By Jonathan Buck, Sven Grundberg And Jens Hansegard
LONDON—Skanska /zigman2/quotes/203551542/delayed SE:SKA.B -1.38% AB, the Swedish construction company that helped build such London landmarks as the "Gherkin" tower and the M25 ring-road, Thursday announced plans to enter the U.K. housing market.
The company, whose name adorns commercial construction sites across the country, currently is negotiating its first land deals and expects to initiate its first project next year. It hopes to be selling 800 homes a year by 2015.
"The financial crisis and the dramatic decline in the housing market have now created excellent opportunities for entry as a residential developer," Skanska said in a statement. The market has stabilized in the past year, and Skanska expects the recovery to begin in earnest in 2012, when it will start selling its first homes.
"I think it's a good time for Skanska to come to the market because land prices are low and house prices are low," said Magnus Andersson , who heads Skanska's project in the U.K. residential market.
Despite the economic downturn that crippled the market for residential property, there remains a shortage of housing in the U.K. The British government in 2007 drafted plans to build three million new homes by 2020, but that blueprint was scrapped during the recession, as housing sales evaporated when banks tightened up on lending and mortgages were harder to come by.
The impact on existing players of a new entrant into the U.K. housing market remains to be seen. Barratt Developments /zigman2/quotes/209812640/delayed UK:BDEV -1.98% PLC and Taylor Wimpey /zigman2/quotes/208623755/delayed UK:TW -0.39% PLC declined to comment on Skanska's move. "We welcome new entrants to the market to help tackle the country's significant housing shortage," said the Home Builders' Federation.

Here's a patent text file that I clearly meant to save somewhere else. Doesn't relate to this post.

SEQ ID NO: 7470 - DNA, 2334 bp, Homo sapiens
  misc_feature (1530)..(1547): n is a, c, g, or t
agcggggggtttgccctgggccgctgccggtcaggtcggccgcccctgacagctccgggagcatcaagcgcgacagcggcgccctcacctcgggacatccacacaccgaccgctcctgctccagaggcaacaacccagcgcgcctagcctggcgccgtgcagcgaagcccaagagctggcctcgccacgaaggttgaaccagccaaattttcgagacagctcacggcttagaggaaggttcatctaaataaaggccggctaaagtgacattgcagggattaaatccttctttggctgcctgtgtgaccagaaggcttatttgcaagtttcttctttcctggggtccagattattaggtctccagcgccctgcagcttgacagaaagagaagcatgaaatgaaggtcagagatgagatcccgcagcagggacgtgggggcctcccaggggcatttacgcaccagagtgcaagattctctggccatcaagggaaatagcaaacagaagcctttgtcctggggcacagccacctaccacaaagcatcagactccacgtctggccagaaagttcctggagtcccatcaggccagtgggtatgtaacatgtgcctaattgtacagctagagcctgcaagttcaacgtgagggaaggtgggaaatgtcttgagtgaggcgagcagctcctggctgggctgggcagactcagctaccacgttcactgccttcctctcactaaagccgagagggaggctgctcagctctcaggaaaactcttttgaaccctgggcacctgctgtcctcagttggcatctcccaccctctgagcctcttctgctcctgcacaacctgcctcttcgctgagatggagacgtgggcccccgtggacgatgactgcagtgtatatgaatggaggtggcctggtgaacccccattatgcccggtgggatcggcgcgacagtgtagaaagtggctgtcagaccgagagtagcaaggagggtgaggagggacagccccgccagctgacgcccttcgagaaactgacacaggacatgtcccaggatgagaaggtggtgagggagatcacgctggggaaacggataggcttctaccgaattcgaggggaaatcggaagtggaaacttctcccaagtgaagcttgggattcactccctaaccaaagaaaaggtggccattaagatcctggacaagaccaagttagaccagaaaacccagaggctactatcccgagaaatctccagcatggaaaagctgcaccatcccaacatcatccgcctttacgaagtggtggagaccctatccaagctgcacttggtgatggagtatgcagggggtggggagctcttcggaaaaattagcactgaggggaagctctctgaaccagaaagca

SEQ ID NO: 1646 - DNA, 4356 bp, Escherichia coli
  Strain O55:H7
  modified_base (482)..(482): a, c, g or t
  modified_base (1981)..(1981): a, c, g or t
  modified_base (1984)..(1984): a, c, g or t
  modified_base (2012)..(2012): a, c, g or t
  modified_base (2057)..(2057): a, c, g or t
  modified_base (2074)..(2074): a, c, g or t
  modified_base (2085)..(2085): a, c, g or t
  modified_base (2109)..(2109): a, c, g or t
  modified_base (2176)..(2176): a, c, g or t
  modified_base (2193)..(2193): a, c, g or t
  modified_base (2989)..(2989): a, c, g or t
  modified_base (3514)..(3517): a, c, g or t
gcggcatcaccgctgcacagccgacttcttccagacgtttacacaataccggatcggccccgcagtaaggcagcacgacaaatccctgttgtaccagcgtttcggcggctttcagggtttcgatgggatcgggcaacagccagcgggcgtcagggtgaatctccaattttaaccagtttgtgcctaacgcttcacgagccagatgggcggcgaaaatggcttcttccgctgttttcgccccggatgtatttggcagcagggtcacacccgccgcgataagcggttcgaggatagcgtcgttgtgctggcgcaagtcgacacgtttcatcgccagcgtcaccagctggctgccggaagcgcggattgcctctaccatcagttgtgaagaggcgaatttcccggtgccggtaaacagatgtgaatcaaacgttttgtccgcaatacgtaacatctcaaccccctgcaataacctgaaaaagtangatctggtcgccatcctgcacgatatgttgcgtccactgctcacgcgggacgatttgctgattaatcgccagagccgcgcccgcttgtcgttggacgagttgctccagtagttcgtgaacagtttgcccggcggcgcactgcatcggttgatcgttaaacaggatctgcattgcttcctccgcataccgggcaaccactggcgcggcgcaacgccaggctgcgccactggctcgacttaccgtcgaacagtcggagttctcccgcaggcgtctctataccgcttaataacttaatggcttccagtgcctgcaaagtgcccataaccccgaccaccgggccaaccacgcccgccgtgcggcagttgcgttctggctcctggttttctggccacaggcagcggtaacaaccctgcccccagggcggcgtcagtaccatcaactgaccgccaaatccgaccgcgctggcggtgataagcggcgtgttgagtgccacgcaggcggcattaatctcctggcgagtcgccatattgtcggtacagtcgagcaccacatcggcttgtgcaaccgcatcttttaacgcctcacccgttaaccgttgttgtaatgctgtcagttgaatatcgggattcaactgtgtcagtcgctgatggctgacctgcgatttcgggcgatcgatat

Skanska, which currently is also working on the London Crossrail project, has 50 years' experience in home construction. It is a leading developer in the Nordic region and has other residential operations in the Czech Republic and Slovakia. Thursday, it also announced its intention to enter the Polish market.
Mr. Andersson said that Skanska would focus its U.K. efforts on areas around London and the commuter belt, such as Cambridge. It will target developments that have potential for at least 150 units, and its range of products will include apartments, detached, semi-detached and terraced homes.
It will draw on its experience in the Nordic region and highlight its green initiatives, such as efficient energy solutions, which it expects to resonate with U.K. buyers.
Mr. Andersson added that Skanska would hire local expertise to negotiate complicated planning regulations, rather than trying to bring in workers from Scandinavia. "This is going to be a local business," he said.
He expected growth to be rapid and that the residential unit would grow from 10 employees now to 50 to 100 employees in the long term. Skanska currently employs about 4,500 workers in the U.K. and 49,000 world-wide.
"This is going to be a good addition to the current business," Mr. Andersson said.
Not everyone was so optimistic about Skanska's prospects of breaking into the U.K. residential market. "I think they will just get blown out of the water," said KBC Peel Hunt analyst Robin Hardy . "The idea that you can just turn up with money (and enter the market) is a fool's paradise."
Steve McGrath contributed to this article.